A master of black work, but also a journalist and in a certain sense a philosopher. His tattoos are potent, and this craft is for him a “a spiritual act”. From his beginnings to these strange days, Taku Oshima tells us about his life and career…
Hi Taku and thank you so much for this interview! How would you like to introduce yourself to our readers?
I’m a tattooist who focuses on tribal tattoo and modern black work. As my unique point. Recently, I have revived Okinawa traditional tattoo, Hajichi and Ainu traditional tattoo, Nuie; As well as Jomon, which is the name of Japan’s prehistory period about 10000 years ago. In my opinion, tribal tattoo culture was widespread here in ancient times. So, I was inspired by earthenware in that time period.
Tell us more about your background: where and when did you learn tattooing? Who is your master? What are the most important steps in your marvellous career?
I have learned tattoo myself while travelling since 1994. I have never had any fixed teacher. I just enjoyed tattooing with my hippie friends like Alessandro Pellegrini, Cy Wilson, and many more.
When did your fascination with tribal art begin? How did you choose your style and how would you define it? Has it changed over time and is it still in evolution?
I think it was something like in 1998, I was on the beach in Goa India, smoking an Italian chillum with friends. Then, I found a girl walking on the beach 30 metres away from us and was shocked: WTF was going on! That girl was tattooed with a full body suit in black work and it was so clean even 30 metres away! I ran up to her and talked with her. She said Alex Binnie had done it.
From that moment, I have always tried to make something that looks good long distance. and it should be big simple black work.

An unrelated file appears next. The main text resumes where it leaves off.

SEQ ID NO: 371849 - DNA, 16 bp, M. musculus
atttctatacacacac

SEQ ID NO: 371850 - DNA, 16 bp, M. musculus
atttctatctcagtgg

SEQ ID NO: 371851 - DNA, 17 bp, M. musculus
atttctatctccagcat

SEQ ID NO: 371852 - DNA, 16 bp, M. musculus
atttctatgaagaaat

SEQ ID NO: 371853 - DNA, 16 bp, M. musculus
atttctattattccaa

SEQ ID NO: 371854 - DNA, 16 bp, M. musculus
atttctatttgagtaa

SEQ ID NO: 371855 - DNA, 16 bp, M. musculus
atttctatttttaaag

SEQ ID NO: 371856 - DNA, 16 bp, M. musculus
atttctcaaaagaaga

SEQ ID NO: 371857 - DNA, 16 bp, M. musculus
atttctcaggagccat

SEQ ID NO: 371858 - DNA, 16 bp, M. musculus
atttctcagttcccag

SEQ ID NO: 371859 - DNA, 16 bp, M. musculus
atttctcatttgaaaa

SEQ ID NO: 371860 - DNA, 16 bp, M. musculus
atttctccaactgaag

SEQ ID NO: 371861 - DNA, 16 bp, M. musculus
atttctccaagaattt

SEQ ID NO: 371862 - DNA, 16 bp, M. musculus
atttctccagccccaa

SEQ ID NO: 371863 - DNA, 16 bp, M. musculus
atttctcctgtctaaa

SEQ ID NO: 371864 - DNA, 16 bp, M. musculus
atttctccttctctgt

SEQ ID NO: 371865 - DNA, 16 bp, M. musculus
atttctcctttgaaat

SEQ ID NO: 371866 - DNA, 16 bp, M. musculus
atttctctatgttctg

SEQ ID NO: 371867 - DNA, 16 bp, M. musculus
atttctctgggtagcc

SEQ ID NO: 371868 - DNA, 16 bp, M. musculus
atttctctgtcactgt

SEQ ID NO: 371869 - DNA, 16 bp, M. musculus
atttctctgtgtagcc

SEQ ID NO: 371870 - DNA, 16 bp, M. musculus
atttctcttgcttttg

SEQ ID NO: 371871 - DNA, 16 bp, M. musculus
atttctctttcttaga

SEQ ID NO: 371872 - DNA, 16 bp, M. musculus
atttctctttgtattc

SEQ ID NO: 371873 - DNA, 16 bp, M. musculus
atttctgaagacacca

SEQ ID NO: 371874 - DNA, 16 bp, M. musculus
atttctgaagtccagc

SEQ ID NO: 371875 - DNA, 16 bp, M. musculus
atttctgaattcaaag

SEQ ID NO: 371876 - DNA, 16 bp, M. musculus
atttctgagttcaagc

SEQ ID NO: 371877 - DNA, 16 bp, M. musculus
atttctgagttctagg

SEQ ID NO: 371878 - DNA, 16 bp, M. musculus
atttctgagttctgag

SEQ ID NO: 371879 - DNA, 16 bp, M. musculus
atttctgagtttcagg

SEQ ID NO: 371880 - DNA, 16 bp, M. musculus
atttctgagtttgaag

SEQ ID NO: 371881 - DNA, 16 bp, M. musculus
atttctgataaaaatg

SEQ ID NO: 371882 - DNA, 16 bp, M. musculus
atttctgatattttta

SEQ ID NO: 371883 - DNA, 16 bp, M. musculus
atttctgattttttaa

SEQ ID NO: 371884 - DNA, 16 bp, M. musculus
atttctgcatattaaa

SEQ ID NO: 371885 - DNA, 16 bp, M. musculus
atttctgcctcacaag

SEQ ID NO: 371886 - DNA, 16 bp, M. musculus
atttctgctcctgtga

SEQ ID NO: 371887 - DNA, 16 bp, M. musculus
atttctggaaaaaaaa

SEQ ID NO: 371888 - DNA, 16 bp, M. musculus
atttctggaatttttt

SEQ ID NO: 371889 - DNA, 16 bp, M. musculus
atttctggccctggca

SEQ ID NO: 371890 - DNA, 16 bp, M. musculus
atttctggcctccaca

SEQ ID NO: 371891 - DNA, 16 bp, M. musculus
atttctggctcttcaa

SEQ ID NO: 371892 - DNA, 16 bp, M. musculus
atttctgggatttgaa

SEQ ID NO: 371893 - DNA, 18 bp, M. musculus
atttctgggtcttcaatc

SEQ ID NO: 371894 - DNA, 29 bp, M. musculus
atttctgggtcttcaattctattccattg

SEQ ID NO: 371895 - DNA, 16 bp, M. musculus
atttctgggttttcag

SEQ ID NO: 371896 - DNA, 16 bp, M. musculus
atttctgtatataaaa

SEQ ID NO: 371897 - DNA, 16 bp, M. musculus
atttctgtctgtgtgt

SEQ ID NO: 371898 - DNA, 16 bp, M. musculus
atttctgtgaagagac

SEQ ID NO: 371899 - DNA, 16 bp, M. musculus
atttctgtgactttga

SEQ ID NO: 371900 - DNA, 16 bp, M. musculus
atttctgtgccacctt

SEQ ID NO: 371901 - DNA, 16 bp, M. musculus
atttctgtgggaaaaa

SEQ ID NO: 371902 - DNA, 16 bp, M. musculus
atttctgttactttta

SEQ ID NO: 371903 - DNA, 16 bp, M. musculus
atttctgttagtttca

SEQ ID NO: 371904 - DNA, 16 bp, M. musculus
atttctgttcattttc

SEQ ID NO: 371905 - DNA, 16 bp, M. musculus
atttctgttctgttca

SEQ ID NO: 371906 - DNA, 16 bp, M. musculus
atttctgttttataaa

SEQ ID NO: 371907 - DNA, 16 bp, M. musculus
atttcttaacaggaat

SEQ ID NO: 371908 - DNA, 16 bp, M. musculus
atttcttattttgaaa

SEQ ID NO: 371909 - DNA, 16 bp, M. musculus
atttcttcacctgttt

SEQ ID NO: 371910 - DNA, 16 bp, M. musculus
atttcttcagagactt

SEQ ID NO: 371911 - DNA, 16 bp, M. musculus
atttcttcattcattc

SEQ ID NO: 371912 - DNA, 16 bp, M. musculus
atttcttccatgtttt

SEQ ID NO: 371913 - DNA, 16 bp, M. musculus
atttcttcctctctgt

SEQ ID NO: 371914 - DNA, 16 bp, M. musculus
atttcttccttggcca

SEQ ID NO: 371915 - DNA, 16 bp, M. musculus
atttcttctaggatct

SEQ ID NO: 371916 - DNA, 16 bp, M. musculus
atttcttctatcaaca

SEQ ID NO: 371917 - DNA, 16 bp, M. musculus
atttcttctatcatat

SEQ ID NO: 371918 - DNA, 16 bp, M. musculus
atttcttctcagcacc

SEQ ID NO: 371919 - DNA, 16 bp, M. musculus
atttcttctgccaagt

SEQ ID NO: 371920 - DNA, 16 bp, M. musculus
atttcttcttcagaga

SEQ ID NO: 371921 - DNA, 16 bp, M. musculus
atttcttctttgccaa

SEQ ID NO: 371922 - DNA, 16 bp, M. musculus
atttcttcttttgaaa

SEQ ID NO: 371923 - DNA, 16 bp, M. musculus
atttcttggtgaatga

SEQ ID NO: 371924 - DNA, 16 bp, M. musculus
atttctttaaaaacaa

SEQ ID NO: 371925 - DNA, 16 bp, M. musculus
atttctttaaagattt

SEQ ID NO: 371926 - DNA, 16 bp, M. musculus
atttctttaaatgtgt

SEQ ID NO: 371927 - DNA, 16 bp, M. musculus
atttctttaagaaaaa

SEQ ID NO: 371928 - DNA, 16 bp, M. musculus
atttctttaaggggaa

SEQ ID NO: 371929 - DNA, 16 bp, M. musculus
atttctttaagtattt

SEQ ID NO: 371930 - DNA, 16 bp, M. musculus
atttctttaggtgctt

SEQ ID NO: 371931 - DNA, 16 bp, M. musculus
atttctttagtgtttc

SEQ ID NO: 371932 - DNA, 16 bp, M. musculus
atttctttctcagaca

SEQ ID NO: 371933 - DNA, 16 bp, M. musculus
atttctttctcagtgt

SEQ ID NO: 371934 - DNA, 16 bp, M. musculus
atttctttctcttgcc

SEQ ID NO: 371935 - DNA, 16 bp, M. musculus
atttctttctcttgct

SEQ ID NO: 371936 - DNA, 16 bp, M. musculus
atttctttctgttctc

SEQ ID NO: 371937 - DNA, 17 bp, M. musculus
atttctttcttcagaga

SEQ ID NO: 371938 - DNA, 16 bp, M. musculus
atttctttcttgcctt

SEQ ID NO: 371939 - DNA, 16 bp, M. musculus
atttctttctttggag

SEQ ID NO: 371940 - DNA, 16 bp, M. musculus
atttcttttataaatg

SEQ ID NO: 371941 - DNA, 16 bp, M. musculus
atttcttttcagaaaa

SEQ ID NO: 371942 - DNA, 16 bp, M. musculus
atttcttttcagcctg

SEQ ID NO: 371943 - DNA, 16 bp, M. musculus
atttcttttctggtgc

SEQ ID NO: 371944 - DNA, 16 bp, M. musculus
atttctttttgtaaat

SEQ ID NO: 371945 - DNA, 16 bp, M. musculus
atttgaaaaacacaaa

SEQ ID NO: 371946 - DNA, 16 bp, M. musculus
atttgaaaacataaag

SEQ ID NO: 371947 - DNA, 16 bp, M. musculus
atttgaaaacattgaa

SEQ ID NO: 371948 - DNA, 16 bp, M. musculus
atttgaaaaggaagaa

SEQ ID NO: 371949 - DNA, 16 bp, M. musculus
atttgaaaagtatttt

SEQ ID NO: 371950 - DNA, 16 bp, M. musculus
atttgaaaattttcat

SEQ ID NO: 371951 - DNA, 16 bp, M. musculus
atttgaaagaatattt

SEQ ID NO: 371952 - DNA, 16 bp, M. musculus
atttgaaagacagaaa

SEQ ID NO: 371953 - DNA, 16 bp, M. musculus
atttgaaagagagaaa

I read you once said “For me, tattooing is a spiritual act, but I don’t mean this in the sense that it is an initiation rite as in Tribal societies. Rather, it’s more an act of affirming an already existing identity.” – would you like to tell me more about?
The meaning of tattoo has changed over time and from one society to another. But there is always a sense of fun about being tattooed anyway. I think it is connected to our positive outlook on life.
How does one of your projects on skin come about? From the idea to the real tattoo: what are the steps you follow?
I only draw an easy rough sketch to show the general idea to the client. The real body is my real battlefield. I take much more time to do free hand drawing on the skin.
Speaking of techniques: what do you feel are the most important rules in order to get the best result?
I always say to people that look at your tattoo and yourself from a distance like somebody will look at you on the street. It is the best way to see fashion.
Are you in Japan at the moment? What is the tattoo scene like there right now?
I’m in Tokyo, Japan now. In October we finally emerged from the courts with a winning verdict. Tattooing is legal in public now.
And what about the lockdown?
Japan’s government gave priority to the economy. We have never had a lockdown this year. So, the situation on the tattoo scene is just like normal or little bit less than last year, I guess.
Do you also paint? What are the things you love most besides tattooing?
Recently I haven’t been painting so much. Tattooing is my hobby too. I also spend a lot of time writing travel journals for Japanese magazines about tribal tattoos around the world.
What is a typical work day like for you?
I have closed my studio in the centre of Tokyo and am working in my house in the suburbs so I can look after my mom now. I do house things in the morning and start designing and tattooing from 10 to 4 or 5 in the afternoon. Sunday is the busiest day for tattoo studio in Japan and the whole of Asia.
Is there anything you want to add?
Tattoo is not only my business but also my hobby. I don’t need money if you give me a super incredible idea that surprises me!